City may scrap omnibus bylaw
Legal challenges have made bylaw ineffective: councillor
A city-wide Toronto bylaw that cost millions to create and covers everything from parking rules to building permits could be on the chopping block.
The new bylaw was intended to make various bylaws for residents in different parts of the city consistent after the city amalgamated.
But the bylaw has instead drawn more than 700 appeals to the Ontario Municipal Board
Donald Kerr, whose house sits on about an acre of land in the Forest Hill neighbourhood, said the new bylaw is the latest attempt to limit what he can build there.
The old bylaw would allow a 12,000-square-foot structure on his lot; the new bylaw allows for only half that.
"I have been fighting for 34 years," Kerr told CBC News. He said the new bylaw may deter and future potential buyers of his property.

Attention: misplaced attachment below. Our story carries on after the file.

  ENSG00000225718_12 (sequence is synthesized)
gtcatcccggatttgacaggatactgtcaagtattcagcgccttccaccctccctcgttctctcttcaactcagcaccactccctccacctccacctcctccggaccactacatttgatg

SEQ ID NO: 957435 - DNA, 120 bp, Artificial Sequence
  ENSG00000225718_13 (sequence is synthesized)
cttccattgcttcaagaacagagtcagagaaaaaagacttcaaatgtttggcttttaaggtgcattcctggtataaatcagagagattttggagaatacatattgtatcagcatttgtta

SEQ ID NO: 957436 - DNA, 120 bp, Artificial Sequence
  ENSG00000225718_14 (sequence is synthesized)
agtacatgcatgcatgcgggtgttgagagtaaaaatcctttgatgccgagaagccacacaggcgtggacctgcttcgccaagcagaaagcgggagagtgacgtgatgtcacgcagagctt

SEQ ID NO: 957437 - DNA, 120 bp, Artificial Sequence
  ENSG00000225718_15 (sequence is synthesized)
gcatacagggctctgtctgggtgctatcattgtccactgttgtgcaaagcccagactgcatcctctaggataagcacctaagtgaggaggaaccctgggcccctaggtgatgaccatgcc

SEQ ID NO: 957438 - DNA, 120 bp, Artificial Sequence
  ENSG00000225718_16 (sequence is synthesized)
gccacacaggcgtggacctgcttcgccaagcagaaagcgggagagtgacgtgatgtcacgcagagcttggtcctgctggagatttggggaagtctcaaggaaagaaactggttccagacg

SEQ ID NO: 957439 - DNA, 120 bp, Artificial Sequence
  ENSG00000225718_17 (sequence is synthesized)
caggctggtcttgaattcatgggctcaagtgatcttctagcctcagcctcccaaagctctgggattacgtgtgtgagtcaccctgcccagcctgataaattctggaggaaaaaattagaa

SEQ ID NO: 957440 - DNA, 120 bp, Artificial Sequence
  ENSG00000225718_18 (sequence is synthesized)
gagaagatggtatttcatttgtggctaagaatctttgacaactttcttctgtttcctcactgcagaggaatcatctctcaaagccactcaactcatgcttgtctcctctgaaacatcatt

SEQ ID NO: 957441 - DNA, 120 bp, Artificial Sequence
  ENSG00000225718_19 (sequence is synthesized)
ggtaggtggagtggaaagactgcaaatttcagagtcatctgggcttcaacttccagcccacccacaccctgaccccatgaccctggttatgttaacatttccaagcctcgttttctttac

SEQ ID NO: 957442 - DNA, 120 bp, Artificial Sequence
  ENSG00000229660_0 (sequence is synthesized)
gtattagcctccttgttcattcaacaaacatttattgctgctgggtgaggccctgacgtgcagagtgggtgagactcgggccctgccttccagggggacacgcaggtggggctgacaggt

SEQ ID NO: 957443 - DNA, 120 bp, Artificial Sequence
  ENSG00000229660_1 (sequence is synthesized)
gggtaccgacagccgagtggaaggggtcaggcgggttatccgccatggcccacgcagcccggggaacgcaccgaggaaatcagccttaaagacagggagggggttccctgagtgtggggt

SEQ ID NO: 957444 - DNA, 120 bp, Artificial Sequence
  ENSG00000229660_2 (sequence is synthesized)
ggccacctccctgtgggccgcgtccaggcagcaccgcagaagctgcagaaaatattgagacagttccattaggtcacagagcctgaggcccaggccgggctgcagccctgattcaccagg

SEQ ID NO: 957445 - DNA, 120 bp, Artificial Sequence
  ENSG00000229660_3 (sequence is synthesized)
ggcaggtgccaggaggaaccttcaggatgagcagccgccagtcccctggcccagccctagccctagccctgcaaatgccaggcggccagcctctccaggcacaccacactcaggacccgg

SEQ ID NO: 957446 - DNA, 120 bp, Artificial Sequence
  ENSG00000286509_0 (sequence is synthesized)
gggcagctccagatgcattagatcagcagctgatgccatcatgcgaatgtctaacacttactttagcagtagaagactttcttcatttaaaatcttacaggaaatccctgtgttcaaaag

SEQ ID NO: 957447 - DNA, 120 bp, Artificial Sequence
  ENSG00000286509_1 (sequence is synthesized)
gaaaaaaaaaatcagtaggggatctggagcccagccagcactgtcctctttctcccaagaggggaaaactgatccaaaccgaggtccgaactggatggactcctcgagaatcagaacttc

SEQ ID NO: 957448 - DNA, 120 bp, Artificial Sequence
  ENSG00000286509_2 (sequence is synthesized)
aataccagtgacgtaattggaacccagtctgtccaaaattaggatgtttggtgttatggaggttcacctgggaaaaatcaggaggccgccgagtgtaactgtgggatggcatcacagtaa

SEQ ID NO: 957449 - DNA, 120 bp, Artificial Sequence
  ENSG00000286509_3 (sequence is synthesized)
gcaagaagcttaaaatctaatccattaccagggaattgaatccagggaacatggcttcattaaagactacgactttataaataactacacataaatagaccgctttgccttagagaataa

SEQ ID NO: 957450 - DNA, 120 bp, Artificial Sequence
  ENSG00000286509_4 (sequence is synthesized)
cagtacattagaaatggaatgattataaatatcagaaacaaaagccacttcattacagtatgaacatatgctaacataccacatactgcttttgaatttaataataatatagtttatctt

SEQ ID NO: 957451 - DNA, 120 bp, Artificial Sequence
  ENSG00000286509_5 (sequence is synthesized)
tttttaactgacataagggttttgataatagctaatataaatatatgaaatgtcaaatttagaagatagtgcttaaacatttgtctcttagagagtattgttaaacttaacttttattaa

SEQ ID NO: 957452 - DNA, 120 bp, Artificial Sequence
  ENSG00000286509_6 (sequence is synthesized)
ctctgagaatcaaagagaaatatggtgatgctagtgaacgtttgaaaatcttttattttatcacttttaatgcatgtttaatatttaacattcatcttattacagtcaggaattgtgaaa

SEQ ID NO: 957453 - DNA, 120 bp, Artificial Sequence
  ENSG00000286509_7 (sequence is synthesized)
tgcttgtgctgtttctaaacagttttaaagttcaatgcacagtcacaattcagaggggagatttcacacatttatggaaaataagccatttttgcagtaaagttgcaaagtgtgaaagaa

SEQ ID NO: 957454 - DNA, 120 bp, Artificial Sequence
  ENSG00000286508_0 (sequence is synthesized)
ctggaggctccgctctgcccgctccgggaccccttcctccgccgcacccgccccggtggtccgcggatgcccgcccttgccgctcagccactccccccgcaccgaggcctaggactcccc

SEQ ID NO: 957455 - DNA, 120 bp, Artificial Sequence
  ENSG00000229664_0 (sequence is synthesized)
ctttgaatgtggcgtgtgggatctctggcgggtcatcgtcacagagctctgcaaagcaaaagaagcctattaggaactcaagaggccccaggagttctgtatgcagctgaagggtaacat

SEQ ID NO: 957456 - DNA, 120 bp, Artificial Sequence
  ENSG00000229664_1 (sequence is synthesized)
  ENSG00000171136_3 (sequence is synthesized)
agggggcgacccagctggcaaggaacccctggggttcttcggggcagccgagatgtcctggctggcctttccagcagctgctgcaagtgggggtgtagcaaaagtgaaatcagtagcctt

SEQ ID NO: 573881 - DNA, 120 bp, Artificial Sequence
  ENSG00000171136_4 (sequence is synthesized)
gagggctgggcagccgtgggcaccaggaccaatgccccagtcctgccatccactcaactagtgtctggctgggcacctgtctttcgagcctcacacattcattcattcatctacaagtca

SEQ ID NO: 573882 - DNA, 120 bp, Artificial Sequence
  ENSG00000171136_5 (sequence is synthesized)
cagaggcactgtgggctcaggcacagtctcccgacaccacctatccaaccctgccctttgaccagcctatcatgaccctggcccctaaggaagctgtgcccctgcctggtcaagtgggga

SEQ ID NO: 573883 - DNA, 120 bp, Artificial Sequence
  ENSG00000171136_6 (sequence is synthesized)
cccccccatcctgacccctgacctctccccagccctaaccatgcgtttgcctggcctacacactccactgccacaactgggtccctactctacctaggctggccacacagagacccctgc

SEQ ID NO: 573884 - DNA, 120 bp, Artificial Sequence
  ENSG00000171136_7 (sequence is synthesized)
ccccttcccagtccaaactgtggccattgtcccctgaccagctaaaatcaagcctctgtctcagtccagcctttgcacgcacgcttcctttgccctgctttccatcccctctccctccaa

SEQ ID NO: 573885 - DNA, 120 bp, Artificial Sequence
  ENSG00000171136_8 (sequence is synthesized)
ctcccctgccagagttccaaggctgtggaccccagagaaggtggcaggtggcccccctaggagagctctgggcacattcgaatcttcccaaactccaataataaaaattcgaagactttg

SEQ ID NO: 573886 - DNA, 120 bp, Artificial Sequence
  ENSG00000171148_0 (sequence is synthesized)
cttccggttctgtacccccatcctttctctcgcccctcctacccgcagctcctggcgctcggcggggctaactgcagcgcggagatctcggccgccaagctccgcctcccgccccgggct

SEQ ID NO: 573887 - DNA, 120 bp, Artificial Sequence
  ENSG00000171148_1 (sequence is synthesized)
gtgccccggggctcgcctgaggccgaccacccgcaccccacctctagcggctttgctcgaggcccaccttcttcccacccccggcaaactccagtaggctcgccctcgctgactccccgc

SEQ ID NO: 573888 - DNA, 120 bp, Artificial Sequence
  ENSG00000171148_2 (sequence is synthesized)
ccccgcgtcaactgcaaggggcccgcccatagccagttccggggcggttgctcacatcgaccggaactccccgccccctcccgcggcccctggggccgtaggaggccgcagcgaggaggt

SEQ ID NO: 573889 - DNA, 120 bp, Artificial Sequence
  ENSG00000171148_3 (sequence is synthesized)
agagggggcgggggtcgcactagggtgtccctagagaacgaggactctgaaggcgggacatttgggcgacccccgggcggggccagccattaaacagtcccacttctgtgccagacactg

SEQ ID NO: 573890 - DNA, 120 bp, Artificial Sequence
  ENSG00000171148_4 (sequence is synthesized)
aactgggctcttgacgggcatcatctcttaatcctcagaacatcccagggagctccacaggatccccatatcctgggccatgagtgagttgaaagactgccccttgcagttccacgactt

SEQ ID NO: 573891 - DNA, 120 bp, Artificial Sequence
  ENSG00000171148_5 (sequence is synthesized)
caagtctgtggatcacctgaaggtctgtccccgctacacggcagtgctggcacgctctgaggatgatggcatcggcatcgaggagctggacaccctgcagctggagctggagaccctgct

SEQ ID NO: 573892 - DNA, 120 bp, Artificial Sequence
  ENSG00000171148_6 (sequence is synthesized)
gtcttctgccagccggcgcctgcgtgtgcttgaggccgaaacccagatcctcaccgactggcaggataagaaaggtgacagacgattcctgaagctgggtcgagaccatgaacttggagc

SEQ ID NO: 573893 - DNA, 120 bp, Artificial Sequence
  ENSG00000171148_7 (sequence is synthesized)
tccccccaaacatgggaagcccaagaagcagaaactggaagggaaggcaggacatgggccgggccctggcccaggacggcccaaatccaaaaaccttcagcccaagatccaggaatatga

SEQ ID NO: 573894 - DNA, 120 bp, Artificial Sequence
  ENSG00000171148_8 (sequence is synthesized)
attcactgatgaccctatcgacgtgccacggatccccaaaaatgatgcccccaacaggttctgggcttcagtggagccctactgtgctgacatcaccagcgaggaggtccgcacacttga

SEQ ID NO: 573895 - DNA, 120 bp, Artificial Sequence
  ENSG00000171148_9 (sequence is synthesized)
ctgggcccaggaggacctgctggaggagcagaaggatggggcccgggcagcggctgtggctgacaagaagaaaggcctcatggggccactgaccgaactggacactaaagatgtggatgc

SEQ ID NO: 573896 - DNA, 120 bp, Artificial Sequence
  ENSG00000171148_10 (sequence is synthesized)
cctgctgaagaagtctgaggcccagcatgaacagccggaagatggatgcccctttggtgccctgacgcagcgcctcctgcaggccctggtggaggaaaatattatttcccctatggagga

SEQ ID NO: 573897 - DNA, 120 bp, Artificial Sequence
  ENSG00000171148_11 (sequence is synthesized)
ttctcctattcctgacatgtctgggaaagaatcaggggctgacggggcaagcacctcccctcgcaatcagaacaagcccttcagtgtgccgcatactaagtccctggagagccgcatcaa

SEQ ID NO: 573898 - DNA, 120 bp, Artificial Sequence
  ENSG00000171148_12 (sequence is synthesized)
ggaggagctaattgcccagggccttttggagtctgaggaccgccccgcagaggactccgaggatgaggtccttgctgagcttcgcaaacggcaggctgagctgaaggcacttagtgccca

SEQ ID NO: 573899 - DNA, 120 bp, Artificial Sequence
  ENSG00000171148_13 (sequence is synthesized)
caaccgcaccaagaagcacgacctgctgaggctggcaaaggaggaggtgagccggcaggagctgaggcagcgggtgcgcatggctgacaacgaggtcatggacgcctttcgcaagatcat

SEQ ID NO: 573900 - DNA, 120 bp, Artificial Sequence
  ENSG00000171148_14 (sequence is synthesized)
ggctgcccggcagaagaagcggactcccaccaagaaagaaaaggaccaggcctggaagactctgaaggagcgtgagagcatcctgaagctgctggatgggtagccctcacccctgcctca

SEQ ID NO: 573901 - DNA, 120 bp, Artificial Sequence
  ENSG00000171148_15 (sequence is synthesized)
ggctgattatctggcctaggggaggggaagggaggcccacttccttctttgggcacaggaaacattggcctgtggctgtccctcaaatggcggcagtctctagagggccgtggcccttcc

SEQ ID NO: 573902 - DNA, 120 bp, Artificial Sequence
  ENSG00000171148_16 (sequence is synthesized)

"Likely they're going to build a new house twice the size. To protect my values, I need to protect the rights of any future purchaser or builder."
Kerr is appealing the bylaw to the Ontario Municipal Board.
So are more than 700 others, including the city's own budget chief, developers and many homeowners trying to build an addition.
Coun. Peter Milczyn's planning committee will decide what do next week. He said the city has spent seven years and $7 million creating a bylaw that hasn't worked.
"It's not the city's job to go out of its way to make life difficult for people," said Milczyn. "There were literally hundreds upon hundreds of errors and omissions within the bylaw that have caused all kinds problems for all kind of property owners."
Milczyn said starting from scratch will eliminate the appeals before the OMB and save the city millions.
Meanwhile, city staff are working on amendments they say can fix problems with the bylaw.